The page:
The St. Petersburg City Council next week will take up a sweeping plan designed to make the city more resilient in the face of climate change and more environmentally and economically sustainable.
The Integrated Sustainability Action Plan provides guidance and tools for city government, local businesses and others in the community to meet ambitious goals, including a 20 percent reduction in greenhouse gas emissions by 2020 and 100 percent reliance on clean energy by 2035. See the full plan here.
The council’s Health, Energy, Resiliency & Sustainability Committee voted unanimously Thursday to advance the plan to the full council for consideration April 18.
“This is a big day because this is something that we all, as an administration and council and community, have been working on as a team effort for a really long time,” said Darden Rice, the council member who chairs the committee.
Too often, social equity is overlooked, and this plan puts equity issues front and center, she said.
“Sustainability can’t just be about environmental issues. Sustainability also has to be about economic development. But economic development can’t just be about buildings and cars. Economic development also has to be about people. And when it’s about people, that’s the bridge to how we figure out talking about inclusion and equity,” Rice said.
The plan stemmed from an executive order issued by Mayor Rick Kriseman in 2017.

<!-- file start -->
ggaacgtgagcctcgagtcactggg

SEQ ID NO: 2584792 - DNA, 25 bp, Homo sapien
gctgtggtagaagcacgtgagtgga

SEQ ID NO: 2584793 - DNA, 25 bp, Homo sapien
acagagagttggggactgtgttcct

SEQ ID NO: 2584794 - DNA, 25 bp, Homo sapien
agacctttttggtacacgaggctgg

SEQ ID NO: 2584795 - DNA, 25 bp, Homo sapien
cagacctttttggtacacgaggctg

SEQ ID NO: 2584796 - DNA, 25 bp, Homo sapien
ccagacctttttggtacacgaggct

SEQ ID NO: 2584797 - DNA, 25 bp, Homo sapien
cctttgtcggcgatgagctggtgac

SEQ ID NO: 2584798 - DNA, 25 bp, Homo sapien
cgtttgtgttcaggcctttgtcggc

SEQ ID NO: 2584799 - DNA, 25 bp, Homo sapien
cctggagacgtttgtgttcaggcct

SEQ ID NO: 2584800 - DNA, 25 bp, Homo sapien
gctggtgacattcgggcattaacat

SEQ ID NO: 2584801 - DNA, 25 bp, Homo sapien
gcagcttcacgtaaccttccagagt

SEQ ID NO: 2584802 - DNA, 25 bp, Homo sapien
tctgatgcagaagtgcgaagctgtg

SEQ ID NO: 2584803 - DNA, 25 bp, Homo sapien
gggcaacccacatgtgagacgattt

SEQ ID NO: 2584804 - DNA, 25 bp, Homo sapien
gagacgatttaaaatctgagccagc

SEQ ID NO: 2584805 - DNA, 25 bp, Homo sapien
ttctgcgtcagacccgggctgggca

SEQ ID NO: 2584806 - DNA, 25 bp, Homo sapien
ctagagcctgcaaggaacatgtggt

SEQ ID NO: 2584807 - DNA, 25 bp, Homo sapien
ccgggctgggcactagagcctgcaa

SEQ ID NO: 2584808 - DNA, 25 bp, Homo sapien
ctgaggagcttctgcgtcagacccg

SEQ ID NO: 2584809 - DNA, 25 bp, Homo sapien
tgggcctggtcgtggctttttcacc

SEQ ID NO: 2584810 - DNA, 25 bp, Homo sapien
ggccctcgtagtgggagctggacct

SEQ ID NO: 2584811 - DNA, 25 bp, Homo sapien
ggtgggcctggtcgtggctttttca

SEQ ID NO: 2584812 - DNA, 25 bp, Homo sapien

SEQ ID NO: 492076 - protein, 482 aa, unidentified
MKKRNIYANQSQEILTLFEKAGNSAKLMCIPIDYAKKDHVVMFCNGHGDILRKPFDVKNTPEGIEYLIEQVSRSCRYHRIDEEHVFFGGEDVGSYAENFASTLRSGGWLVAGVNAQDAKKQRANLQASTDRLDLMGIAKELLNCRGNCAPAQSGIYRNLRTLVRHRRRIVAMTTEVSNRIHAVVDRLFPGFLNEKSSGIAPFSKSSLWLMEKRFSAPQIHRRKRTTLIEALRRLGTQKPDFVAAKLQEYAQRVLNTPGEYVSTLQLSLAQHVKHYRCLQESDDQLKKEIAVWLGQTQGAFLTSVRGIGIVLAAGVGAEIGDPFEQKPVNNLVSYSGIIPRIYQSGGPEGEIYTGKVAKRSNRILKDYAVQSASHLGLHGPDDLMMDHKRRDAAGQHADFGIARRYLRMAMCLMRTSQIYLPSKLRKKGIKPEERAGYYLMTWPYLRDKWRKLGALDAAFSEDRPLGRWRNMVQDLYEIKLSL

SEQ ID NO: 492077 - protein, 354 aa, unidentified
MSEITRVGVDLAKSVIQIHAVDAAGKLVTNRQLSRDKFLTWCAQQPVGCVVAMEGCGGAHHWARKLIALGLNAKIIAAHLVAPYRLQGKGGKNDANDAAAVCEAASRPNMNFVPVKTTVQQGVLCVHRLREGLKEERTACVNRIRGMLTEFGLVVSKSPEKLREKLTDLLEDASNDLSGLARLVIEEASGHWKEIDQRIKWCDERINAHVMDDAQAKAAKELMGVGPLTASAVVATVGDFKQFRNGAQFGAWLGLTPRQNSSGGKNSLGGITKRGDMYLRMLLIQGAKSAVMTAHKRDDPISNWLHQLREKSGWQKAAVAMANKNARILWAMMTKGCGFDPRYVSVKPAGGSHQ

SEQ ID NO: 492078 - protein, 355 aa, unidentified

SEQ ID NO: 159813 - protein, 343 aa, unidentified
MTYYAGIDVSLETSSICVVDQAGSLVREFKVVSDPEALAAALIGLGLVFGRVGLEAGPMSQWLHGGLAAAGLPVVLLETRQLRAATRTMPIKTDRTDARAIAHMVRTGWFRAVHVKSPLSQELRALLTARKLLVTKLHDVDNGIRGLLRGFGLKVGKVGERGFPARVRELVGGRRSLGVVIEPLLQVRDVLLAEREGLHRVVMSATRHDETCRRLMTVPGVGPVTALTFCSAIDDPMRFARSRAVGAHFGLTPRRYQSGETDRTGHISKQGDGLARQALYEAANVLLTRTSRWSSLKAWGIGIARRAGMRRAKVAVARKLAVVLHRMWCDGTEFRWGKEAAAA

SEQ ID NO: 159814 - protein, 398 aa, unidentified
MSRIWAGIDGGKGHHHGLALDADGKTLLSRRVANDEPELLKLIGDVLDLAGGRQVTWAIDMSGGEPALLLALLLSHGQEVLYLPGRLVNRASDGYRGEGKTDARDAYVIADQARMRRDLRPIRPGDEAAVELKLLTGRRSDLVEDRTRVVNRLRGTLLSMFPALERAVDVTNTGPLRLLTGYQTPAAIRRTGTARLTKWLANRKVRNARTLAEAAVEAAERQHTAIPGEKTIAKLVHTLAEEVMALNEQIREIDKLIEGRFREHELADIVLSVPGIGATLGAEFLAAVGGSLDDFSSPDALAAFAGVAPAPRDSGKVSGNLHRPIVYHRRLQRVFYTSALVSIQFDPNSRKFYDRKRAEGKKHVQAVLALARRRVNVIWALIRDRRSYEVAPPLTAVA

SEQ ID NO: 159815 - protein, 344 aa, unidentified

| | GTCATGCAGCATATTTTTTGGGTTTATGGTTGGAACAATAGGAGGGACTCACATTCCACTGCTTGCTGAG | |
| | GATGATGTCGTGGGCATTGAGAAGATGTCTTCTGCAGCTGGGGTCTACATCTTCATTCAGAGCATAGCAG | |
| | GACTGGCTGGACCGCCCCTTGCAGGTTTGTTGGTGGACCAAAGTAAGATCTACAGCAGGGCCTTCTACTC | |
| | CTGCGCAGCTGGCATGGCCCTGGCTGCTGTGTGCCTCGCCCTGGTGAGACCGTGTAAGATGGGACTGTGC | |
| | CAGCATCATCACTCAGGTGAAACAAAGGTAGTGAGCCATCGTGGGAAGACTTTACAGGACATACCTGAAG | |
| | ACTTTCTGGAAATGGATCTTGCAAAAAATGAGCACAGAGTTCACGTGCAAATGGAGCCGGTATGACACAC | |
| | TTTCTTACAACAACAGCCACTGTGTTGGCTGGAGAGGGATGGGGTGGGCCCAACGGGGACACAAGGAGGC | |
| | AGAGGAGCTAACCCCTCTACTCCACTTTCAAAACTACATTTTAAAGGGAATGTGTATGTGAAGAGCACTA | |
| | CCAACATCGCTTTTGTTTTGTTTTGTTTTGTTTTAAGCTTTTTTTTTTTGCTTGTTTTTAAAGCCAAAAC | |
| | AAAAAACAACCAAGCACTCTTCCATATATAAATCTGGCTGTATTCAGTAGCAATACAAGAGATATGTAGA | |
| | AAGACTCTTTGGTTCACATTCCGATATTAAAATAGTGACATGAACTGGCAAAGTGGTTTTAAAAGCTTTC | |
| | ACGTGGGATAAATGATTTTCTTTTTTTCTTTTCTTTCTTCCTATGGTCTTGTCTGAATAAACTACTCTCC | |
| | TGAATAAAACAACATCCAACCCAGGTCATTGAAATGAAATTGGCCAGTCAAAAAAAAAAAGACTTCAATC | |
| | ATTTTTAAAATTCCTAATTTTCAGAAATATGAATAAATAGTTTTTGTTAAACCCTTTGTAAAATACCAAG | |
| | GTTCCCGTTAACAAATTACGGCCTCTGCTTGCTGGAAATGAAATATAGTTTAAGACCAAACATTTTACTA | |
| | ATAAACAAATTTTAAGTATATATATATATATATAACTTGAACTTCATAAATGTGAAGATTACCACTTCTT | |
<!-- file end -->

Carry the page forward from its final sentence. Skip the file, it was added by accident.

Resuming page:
“We never had a climate action plan, we never knew where we were or how to improve if we don’t know where we are,” Sharon Wright, the city’s sustainability manager. “We needed a blueprint and something we could use to work with the community and point out priorities and continue to find out how to get some of those done.”
The plan calls for the city to work with businesses on a wide variety of issues, such as increasing the percentage of third-party certified green building stock and increasing the percentage of the population employed by green businesses or within the green industry. The city is currently employing the principles in the plan and preparing for future technology changes as it considers new development, such as the Tropicana Field redevelopment.
The city set a benchmark using a rating system developed by STAR Communities. STAR stands for Sustainability Tools for Assessing and Rating, and is a national framework to measure a community’s environmental, economic and social health. St. Petersburg was a 3 STAR community when the project began and has set a goal to become a 5 STAR city, the highest rating available, by 2020.
The council committee advanced the plan on the same day Kriseman helped lead a panel on climate change at the U.S. House Democratic Caucus Retreat in Leesburg, Virginia.